Tue August 13, 2019

Perc Pineda, PhD, PLASTICS Chief Economist

I started my career in trading in 1990. I recall transactions with China under letters of credit that did not follow the International Chamber of Commerce (ICC) Uniform Customs and Practice of Documentary Credits (UCP 500). China had no concept of the uniformity of international business transactions in the early phase of its transition into an open economy. Doing business with China often started with numerous price quotations, most of which never saw the light of day. For business inquiries that turned into orders, they often came with strange questions or requests. “Can you ship the machine disassembled and declare each piece as parts?” one prospective Chinese client politely inquired in a facsimile communiqué. As a young economics major straight from college, it was a head scratching moment.

Times have changed. China eventually became a savvy global manufacturer and trader. One day we all woke up and China was the second-largest economy in the world. Its standard of living has improved dramatically because it became the manufacturing facility for the U.S. and other countries’ conglomerates who tapped into what seemed to be an unlimited Chinese labor force at lower wages. Trade became inevitable for an economy with a manufacturing surplus at competitive prices owing to lower labor costs.

Last year, President Trump acted to realign the long-standing U.S.-China trade imbalance by imposing higher tariffs on imports from China. We all know the story—it started with a list of products to be taxed at a higher rate. Eventually we ended up with four lists. Naturally, China retaliated and the fallout from the tariffs continues unresolved today.

As far as the U.S. plastics industry is concerned, second quarter trade with China had decreased from the second quarter last year with plastics molds decreasing the most—by more than half. Last year U.S. plastics industry exports to China was $1.8-billion strong. Year to date, plastics exports to China are $856.7 million—9.2% lower year-to-date June 2018 according to the trade numbers from the U.S. International Trade Commission.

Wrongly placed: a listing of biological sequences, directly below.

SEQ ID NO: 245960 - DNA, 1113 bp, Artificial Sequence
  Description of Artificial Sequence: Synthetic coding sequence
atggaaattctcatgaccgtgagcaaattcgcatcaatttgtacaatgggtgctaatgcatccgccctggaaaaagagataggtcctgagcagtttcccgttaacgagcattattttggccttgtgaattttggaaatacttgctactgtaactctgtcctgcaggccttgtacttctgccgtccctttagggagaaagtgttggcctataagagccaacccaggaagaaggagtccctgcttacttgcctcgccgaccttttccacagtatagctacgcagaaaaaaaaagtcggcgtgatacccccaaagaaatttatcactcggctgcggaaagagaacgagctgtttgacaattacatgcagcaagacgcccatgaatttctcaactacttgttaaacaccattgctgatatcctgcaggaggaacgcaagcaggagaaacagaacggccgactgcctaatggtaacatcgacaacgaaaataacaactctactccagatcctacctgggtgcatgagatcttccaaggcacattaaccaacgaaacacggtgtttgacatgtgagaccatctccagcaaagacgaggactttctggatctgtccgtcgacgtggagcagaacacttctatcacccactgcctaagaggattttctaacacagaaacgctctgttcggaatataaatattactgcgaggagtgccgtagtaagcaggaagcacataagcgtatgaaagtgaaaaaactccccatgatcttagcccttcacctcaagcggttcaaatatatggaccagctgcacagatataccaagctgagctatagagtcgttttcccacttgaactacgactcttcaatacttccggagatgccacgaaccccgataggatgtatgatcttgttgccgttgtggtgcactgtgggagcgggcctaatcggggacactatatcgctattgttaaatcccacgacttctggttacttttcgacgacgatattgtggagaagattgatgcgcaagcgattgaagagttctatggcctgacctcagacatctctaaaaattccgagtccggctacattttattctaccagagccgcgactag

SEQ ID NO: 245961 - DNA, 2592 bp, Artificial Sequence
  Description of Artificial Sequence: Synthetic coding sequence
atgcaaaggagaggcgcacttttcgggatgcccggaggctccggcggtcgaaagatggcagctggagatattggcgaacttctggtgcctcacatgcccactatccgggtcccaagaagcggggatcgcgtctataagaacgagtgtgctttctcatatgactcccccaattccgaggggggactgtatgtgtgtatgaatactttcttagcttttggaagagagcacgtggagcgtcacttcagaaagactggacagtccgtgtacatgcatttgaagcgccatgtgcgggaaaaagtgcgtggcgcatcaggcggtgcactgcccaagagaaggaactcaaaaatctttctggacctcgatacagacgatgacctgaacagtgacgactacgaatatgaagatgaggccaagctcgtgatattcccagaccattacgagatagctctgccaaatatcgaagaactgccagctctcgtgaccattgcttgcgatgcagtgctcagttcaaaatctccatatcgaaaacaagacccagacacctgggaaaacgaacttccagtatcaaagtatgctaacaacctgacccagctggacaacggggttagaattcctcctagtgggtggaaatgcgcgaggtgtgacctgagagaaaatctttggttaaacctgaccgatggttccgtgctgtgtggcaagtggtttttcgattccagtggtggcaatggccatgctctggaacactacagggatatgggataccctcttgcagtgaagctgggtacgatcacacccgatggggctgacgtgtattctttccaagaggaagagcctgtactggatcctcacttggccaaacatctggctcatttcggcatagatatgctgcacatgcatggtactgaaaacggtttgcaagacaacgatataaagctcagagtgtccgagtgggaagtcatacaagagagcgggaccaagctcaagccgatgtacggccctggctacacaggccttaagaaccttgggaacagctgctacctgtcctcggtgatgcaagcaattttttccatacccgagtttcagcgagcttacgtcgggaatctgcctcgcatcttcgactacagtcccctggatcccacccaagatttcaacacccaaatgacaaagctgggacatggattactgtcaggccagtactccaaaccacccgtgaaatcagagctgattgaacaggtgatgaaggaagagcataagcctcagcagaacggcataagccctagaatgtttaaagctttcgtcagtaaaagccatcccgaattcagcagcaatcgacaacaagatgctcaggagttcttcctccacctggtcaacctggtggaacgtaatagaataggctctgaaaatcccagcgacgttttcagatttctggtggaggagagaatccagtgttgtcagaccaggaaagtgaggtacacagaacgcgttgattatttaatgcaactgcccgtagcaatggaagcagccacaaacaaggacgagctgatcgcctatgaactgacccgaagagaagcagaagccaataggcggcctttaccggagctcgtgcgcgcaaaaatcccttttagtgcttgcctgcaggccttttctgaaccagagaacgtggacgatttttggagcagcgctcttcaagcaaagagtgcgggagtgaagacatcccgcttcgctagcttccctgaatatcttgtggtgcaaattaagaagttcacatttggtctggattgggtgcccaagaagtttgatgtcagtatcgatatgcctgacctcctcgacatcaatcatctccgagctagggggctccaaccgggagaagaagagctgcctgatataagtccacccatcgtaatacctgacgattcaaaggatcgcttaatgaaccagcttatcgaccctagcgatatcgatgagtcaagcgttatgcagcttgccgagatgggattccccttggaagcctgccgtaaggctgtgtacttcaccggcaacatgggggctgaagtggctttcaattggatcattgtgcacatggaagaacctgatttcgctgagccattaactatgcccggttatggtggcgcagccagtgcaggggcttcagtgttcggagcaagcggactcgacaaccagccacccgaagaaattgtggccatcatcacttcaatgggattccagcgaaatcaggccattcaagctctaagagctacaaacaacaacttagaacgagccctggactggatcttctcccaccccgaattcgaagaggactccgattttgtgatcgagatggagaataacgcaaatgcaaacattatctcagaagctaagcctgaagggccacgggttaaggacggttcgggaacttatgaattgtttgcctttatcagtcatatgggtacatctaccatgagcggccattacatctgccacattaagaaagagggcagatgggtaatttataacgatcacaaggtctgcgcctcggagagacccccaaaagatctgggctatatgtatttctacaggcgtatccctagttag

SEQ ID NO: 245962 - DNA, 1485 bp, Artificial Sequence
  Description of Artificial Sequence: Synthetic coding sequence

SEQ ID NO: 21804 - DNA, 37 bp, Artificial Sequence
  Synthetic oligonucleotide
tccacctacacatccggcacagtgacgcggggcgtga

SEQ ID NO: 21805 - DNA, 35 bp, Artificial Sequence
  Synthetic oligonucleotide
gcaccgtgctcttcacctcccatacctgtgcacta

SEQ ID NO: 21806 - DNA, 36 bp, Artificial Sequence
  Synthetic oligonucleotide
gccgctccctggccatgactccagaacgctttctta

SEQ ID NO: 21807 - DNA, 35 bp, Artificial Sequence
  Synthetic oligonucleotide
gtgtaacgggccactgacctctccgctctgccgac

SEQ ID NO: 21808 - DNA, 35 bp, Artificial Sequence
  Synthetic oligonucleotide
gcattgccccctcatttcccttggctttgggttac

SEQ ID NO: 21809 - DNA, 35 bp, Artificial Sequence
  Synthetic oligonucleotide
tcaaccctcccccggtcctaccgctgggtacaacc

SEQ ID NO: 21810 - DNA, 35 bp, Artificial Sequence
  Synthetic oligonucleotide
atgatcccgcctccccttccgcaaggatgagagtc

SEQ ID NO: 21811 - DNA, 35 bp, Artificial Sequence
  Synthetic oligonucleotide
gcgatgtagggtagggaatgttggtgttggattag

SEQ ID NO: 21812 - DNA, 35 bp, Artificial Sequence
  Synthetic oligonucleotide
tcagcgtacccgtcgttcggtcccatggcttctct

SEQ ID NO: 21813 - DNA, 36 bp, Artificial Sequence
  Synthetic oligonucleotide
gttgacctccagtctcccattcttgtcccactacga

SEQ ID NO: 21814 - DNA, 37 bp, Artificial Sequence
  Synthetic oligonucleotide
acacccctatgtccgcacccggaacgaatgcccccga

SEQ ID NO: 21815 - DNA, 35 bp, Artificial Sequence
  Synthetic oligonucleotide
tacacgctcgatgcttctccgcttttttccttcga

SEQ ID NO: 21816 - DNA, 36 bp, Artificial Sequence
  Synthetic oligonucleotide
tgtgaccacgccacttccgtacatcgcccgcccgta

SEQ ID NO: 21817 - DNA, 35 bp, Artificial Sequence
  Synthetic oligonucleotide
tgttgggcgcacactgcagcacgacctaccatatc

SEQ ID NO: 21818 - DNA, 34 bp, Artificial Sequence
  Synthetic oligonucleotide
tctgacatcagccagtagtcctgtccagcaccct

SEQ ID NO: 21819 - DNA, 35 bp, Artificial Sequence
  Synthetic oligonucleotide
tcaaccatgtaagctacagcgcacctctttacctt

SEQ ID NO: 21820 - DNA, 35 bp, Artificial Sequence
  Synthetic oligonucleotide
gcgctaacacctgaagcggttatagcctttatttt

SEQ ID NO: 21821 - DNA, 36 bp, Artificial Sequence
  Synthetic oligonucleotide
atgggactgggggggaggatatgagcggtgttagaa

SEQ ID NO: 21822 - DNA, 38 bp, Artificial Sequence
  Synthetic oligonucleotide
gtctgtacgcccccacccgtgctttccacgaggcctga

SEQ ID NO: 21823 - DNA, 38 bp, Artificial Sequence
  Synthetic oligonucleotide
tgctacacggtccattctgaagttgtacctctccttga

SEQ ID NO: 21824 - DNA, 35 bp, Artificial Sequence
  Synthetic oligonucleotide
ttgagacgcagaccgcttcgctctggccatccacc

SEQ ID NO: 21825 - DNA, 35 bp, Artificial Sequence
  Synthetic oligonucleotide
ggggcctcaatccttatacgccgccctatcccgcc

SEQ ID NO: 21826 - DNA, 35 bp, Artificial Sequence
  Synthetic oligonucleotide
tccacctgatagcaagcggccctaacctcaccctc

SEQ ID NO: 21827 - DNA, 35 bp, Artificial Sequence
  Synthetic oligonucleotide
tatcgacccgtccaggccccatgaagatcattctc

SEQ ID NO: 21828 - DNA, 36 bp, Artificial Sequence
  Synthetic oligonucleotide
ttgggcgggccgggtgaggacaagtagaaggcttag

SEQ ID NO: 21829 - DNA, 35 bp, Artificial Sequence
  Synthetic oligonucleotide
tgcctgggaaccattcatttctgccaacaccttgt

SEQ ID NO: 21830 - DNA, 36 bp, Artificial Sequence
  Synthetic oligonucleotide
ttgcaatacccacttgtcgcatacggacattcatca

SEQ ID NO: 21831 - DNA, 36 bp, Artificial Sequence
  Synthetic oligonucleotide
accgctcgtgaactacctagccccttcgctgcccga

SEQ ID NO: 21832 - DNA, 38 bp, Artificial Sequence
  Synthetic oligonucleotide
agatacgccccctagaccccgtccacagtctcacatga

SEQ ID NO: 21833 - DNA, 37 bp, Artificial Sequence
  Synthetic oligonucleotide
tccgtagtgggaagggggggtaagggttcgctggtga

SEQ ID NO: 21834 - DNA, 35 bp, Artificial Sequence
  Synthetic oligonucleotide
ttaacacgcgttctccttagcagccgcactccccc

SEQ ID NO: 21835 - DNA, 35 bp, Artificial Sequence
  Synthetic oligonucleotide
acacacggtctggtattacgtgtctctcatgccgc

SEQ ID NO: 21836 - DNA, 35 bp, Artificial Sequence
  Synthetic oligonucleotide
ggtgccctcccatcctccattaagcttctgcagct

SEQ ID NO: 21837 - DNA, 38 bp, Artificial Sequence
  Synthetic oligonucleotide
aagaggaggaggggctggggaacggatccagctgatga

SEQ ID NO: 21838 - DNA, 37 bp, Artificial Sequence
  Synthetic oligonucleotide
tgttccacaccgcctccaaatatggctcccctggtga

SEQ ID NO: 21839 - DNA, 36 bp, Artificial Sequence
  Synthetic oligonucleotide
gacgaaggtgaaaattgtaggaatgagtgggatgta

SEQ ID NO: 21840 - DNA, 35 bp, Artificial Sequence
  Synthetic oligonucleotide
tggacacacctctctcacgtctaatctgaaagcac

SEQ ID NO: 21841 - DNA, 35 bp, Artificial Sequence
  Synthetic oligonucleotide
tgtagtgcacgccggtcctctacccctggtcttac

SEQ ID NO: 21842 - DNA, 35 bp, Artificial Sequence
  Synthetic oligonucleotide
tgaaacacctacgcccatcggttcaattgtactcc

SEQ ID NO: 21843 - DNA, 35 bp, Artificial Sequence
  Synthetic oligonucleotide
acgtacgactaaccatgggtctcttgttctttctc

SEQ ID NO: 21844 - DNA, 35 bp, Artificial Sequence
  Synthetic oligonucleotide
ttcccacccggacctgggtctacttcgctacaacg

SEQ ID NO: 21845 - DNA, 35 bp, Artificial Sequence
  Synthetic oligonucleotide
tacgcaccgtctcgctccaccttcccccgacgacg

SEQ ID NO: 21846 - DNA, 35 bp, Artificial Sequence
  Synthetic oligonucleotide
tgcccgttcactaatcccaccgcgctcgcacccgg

While President Trump continues to bemoan China’s unfair trade practices over the past decades—from intellectual property theft, national security issues related to trade in technology, a regulatory environment that forces technology transfers into China, and higher tariffs imposed on imports from the U.S. for many years—the uncertainty this has caused in the economies of both countries and the knock-on effects on the global macroeconomy are expected to remain high and could be around for a while.

The end of the prolonged fallout from tariffs between the U.S. and China is nowhere in sight, it seems. In sum, we can say that the U.S. has now imposed higher import duties on virtually all imports from China. And China’s retaliation, one can argue, now levels the playing field: both countries will be trading at higher—not lower—tariffs. In addition to higher tariffs, both countries are now diverting trade, which would be the likely outcome when tariffs are high enough to erode margins. China refuses to buy agricultural products from the U.S. and U.S. companies have ramped up business relations with other countries to secure supply chain continuity—thereby incurring costs. The latest move of China to devalue the Yuan reveals weaknesses in its economy. For one, China’s real assets have just dropped in value. It’s no secret that China’s economy has slowed. Almost two million jobs have been lost in China due to the ongoing trade spat with the U.S., according to China International Capital Corporation. However, U.S. concerns on its trade imbalance with China are legitimate. The question is whether a negotiated resolution between the two largest economies of the world is within reach. The recent move by President Trump to delay some tariffs on Chinese imports until December 15, which were slated to take effect on September 1, is not a resolution but simply kicking the can down the road. It still looks like the uncertainty from this ongoing trade dispute remains high and will remain in the next two quarters.